The New York Times has published an excerpt of The Politician, Andrew Young's account of working for John Edwards. Turns out that when Edwards cheats on his dying wife, he does it like a lawyer.

Edwards never spoke in concrete, potentially incriminating sentences about Rielle Hunter, Young writes. Which resulted in depressing and absurd conversations like this:

[H]e always used the lawyer's trick of speaking in code so he could claim "plausible deniability" if it was ever needed. She would say she loved him and spoke so loudly that I could hear her on the phone. He would say only, "Me too." And if she asked him if he missed her, he would say, "That's correct" - pronouncing it "cohhhhhhrect" - but never, "I miss you."

And Janet Maslin's review—"[a] mind-boggling book about the sheer freakiness of Mr. Edwards's hubris"—highlights a "Hitchcockian" moment when Edwards insisted to Young that Hunter hadn't been traveling with them when both men knew that she had:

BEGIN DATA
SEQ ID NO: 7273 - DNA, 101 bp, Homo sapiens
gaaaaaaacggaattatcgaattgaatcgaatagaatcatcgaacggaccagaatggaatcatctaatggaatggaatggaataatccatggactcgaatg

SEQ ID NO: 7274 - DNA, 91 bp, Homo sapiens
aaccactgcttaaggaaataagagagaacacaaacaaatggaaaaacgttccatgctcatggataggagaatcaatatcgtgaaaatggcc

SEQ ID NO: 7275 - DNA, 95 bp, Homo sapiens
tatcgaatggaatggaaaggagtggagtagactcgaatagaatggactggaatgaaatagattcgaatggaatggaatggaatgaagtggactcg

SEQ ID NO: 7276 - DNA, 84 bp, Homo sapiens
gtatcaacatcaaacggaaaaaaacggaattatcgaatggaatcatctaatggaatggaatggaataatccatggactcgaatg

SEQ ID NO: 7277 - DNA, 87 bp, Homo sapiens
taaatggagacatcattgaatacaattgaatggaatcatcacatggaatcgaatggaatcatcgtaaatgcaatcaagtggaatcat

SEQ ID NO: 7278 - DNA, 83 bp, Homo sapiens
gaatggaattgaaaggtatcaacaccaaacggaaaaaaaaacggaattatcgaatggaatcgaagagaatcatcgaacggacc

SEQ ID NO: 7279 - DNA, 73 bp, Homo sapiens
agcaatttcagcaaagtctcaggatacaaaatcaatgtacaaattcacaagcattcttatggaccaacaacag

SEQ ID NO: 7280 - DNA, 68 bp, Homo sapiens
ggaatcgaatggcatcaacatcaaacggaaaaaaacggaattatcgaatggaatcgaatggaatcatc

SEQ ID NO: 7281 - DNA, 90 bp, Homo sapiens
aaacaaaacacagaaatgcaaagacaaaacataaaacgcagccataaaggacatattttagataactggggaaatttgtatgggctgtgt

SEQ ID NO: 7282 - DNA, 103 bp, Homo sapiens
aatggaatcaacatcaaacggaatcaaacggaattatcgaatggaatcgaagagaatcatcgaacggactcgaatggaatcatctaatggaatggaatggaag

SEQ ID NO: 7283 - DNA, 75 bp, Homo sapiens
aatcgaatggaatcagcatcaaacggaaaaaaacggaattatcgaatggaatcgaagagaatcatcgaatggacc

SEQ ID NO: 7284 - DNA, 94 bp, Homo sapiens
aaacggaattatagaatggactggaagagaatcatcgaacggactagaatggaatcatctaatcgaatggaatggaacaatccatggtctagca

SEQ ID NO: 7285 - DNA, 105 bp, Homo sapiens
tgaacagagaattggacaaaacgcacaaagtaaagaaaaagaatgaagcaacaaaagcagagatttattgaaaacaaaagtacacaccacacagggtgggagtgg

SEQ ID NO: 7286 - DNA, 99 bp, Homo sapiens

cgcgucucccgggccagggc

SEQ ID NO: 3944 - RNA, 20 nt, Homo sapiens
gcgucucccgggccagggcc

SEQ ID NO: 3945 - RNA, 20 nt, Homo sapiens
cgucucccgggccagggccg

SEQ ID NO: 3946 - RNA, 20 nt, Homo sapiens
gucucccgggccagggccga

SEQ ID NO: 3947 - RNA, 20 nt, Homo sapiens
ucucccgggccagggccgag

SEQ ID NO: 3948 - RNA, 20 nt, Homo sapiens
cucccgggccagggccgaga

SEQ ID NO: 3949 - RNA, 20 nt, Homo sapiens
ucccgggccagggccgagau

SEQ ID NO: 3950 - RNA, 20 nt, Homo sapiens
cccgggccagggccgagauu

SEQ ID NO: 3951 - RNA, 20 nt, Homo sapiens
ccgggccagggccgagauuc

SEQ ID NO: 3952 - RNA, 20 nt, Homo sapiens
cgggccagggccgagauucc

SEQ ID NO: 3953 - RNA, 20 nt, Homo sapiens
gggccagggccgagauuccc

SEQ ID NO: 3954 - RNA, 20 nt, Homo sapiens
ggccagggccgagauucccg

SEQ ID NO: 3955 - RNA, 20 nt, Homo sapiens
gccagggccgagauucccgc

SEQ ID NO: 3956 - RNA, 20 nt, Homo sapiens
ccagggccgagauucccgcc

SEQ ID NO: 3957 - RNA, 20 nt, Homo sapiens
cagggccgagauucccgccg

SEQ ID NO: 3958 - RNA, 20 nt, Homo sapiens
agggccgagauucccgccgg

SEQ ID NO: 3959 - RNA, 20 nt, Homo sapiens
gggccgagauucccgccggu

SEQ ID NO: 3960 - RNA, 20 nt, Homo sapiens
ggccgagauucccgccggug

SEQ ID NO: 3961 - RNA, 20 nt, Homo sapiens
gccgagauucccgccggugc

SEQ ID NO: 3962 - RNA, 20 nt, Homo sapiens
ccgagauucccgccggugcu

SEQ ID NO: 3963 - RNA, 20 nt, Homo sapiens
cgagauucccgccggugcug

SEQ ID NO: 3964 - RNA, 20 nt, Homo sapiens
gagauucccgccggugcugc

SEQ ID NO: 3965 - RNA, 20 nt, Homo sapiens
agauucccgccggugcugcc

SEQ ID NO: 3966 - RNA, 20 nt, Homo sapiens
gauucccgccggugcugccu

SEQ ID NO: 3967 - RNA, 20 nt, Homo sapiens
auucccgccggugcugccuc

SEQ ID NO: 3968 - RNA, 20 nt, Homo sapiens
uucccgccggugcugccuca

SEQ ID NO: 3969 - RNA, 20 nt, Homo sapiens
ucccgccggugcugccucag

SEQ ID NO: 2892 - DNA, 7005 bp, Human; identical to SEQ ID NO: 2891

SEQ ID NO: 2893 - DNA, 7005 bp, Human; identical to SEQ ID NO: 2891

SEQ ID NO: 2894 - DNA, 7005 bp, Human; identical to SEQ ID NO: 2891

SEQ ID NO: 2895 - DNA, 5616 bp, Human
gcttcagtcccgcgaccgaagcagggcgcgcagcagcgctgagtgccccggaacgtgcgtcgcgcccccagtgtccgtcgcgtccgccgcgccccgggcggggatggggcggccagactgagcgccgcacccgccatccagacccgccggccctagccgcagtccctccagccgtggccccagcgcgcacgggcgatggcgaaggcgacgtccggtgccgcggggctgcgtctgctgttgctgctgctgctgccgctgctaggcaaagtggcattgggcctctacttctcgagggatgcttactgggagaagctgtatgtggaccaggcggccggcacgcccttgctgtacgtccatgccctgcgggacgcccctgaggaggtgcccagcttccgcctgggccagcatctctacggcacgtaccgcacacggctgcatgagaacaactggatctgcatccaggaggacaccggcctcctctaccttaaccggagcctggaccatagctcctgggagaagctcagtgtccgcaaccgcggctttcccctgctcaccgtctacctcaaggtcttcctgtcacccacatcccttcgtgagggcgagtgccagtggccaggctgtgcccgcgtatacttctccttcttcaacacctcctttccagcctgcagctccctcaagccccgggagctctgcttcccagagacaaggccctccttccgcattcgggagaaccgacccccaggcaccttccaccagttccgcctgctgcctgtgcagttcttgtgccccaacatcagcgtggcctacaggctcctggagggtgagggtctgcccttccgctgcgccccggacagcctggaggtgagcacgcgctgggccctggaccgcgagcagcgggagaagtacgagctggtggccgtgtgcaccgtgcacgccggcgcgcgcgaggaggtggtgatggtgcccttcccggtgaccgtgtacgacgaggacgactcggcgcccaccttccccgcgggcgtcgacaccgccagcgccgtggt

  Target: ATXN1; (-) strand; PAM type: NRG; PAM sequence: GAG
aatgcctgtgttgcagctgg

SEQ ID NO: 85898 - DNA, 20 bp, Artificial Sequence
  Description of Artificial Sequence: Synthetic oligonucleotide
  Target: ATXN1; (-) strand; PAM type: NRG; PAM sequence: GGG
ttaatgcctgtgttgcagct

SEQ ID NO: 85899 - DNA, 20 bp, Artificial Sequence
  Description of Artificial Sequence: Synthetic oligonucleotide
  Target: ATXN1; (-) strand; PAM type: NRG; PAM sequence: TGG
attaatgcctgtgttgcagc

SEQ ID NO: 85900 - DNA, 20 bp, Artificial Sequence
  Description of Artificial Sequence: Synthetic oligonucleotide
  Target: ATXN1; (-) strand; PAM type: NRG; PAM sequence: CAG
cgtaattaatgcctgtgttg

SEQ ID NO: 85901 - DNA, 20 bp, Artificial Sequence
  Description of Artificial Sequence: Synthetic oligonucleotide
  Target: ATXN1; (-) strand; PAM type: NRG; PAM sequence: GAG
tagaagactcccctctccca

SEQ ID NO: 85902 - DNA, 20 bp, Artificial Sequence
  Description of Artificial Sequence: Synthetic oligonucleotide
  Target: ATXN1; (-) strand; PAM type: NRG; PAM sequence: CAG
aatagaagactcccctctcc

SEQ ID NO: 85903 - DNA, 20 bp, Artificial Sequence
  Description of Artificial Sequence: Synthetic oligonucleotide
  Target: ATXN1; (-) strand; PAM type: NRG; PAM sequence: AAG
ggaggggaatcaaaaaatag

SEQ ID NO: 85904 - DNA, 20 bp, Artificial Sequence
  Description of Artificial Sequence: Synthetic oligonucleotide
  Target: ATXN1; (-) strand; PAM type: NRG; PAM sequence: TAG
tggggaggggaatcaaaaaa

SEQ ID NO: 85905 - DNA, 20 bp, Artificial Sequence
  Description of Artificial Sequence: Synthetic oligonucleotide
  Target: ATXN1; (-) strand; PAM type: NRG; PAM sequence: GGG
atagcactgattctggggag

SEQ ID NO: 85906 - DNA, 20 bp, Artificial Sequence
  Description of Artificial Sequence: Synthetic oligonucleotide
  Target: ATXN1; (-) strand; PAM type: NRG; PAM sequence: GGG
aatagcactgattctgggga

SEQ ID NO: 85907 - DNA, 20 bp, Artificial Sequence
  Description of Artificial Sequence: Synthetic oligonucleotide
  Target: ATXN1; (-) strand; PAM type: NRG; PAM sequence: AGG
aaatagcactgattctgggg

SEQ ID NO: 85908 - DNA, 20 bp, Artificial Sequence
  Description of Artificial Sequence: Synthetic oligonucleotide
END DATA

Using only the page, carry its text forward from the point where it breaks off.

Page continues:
For instance, after Mr. Young finagled a way to explain Ms. Hunter's presence in Mr. Edwards's hotel room in Florida and get her out of there unnoticed, he says, Mr. Edwards just looked at him blankly and said: "I don't know what you're talking about. Rielle wasn't in Florida." What was this: "Gaslight"? A trip to the Twilight Zone? An exercise in lawyerly deniability, to which Mr. Edwards apparently often resorted? A conversation being secretly recorded? Or something even scarier?

The whole thing has an American Psycho ring to it.